I’d like to take this opportunity to address the many changes that are impacting your library’s ability to offer a high-quality digital lending service to your users.
Dear Customers, 

I’d like to take this opportunity to address the many changes that are impacting your library’s ability to offer a high-quality digital lending service to your users. As the leader of our cloudLibrary solution since its 2010 inception, I have worked closely with libraries and publishers on specific issues faced by the library industry. Given recent changes that have rightly upset you, it’s important that we discuss what has led to today’s digital content landscape, what bibliotheca is doing to support libraries, and where we go from here.

First, let’s review how the digital library lending market looked in early 2012. Penguin had stopped selling digital content to libraries completely, Random House had raised its prices, and HarperCollins had changed its terms to allow only 26 checkouts per eBook. Macmillan, Hachette, and Simon & Schuster had no library lending models at all. In the beginning, we leveraged our position as 3M, a trusted company with a history of innovation, to have meaningful conversations with publishers, understand their concerns, and ultimately convince them of the benefits of partnering with libraries.

Through lengthy discussions, including a strategic partnership with NYPL, we were able to experiment, gather data, and pilot a new digital library lending model with a limited group of libraries. Owing to this hard work, we were the first library vendor to sell Penguin, Hachette, Macmillan, and Simon & Schuster eBooks. Once publishers were comfortable with the model we’d established, they opened up their terms of sale to all vendors in the market. This infusion of content into the library market resulted in the dramatic growth of digital lending that’s been well documented.

Now, fast-forward to the digital library lending market today, where we’re seeing a shift from several of the major publishing companies. Blackstone Audio is embargoing audiobook titles for 90 days, Hachette has changed from perpetual access to two-year expirations (also implemented by Penguin Random House last October), and Macmillan will limit the quantity of frontlist titles effective November 1. It’s unlikely that all of these publishers would be changing their terms without external pressures. So, where is the pressure coming from? There is evidence to suggest that in recent years, authors and agents have come to feel that the library market is eroding their revenue. I think it’s telling that Macmillan CEO John Sargent addressed his letter about the library model change to “Macmillan Authors, Macmillan Illustrators and Agents.”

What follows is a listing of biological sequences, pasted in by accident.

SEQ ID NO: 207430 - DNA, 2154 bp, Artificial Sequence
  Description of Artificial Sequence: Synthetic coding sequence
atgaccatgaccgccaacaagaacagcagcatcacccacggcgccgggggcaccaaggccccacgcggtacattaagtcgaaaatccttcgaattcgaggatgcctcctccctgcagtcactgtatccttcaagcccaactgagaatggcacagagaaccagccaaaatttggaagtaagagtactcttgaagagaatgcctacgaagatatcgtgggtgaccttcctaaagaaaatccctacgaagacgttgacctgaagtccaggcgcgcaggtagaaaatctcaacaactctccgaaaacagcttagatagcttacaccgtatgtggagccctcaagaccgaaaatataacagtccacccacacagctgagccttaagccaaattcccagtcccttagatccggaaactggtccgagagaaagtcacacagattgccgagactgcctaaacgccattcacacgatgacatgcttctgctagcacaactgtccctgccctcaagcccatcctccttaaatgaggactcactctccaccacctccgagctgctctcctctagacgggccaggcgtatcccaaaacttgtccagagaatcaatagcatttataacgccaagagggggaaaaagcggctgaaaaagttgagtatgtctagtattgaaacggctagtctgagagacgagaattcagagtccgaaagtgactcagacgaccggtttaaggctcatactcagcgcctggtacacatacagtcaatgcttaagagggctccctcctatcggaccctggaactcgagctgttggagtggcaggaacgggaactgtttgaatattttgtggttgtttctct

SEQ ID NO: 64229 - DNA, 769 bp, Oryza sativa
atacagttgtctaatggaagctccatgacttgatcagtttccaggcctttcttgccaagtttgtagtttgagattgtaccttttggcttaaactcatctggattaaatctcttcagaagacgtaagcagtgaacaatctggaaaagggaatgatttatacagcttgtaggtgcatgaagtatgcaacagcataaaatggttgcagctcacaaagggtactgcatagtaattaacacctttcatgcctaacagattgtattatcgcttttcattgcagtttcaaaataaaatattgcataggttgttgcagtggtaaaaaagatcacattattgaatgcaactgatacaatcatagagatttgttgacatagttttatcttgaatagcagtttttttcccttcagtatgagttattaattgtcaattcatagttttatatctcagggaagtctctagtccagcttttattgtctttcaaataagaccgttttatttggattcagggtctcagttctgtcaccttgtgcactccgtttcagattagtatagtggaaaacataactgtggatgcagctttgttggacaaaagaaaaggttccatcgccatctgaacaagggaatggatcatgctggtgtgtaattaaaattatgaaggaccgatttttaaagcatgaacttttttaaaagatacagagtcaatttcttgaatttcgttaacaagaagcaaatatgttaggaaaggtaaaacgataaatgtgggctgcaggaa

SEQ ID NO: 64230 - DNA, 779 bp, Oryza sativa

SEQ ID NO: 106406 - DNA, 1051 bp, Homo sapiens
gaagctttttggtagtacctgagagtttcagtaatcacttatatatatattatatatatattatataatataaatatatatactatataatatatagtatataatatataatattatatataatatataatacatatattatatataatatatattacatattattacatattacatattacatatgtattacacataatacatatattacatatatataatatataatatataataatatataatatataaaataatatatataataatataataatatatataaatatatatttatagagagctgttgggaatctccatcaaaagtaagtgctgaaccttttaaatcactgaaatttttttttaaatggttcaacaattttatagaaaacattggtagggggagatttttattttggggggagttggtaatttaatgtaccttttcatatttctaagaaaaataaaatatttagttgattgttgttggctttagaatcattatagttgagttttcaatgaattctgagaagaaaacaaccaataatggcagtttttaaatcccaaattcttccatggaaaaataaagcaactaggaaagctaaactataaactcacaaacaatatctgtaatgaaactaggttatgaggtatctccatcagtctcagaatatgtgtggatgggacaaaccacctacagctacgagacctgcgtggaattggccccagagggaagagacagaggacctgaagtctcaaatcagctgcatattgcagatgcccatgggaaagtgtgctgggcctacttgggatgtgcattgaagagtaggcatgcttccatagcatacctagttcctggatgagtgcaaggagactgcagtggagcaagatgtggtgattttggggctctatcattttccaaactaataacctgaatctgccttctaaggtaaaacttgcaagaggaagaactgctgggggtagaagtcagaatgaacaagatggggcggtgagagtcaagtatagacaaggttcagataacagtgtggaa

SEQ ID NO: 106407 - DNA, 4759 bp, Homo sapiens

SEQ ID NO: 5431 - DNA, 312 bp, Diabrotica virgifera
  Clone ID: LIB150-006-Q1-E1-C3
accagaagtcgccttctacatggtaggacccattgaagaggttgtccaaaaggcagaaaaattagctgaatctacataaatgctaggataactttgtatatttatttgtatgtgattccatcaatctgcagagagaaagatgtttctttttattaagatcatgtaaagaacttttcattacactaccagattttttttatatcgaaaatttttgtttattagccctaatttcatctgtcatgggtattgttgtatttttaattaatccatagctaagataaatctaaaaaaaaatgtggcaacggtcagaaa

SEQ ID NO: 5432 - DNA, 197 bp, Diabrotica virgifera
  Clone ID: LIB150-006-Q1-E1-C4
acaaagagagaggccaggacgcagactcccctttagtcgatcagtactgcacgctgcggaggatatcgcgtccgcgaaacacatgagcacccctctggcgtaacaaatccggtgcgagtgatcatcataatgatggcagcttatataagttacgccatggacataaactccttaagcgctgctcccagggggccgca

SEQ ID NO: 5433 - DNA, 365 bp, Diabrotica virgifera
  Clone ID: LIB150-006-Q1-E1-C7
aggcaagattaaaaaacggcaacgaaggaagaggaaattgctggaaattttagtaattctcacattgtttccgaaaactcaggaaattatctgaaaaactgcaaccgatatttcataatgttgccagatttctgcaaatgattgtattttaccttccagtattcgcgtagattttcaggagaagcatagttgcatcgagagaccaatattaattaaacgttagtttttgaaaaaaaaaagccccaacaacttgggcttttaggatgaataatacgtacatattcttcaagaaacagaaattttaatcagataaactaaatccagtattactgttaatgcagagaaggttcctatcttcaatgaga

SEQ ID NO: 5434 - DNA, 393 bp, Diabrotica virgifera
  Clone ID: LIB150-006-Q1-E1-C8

This begs the next question: if authors and agents are voicing concerns about library lending, where are they getting their data from? I doubt it’s publishers, since a report on library lending is not part of an author’s royalty statement. There is only one company that has access to readers’ digital retail purchases as well as users’ digital library borrowing habits, and that is Amazon.

In 2009, Amazon created a publishing division, Amazon Publishing, which doesn’t sell any of its eBooks or audiobooks to libraries. They have teams of people talking with authors and agents trying to secure rights and make them as exclusive as possible to the Amazon ecosystem. It’s highly probable that they use the data provided by library users to argue that library lending is undercutting retail sales. This is a major concern that we need to understand and to face together as an industry.

As long as data is shared with Amazon by library users, Amazon will spin that data to create concern, and publishers will be forced to alter their digital library lending models or risk losing key authors. 

Where do we go from here? I think libraries can respond in a few ways. First, they can pressure their existing vendors to terminate relationships or refuse to share data with Amazon. If Amazon won’t sell their content to libraries, then why should libraries share their data with Amazon? Second, they can appeal to ALA to engage authors the same way they engage publishers and demonstrate how digital lending contributes to the discovery and accessibility of their works. The book ecosystem starts with authors and we need to ensure that they understand the value libraries provide. It is also advisable to consider joining the efforts of the Association of American Publishers, who are currently pressuring the Federal Trade Commission to monitor Amazon.  

In closing, I want to assure you that we at bibliotheca are continually working to ensure libraries have equitable access to content.  We unconditionally support the ability for libraries to acquire content on publication date, and we will persist in advocating on their behalf.  Our collaborative approach of open discussion with both publishers and libraries has helped create the market we have today, and I am confident we will be able to improve access again as the market evolves.  

Tom Mercer
SVP of Digital Products, bibliotheca
t.mercer@bibliotheca.com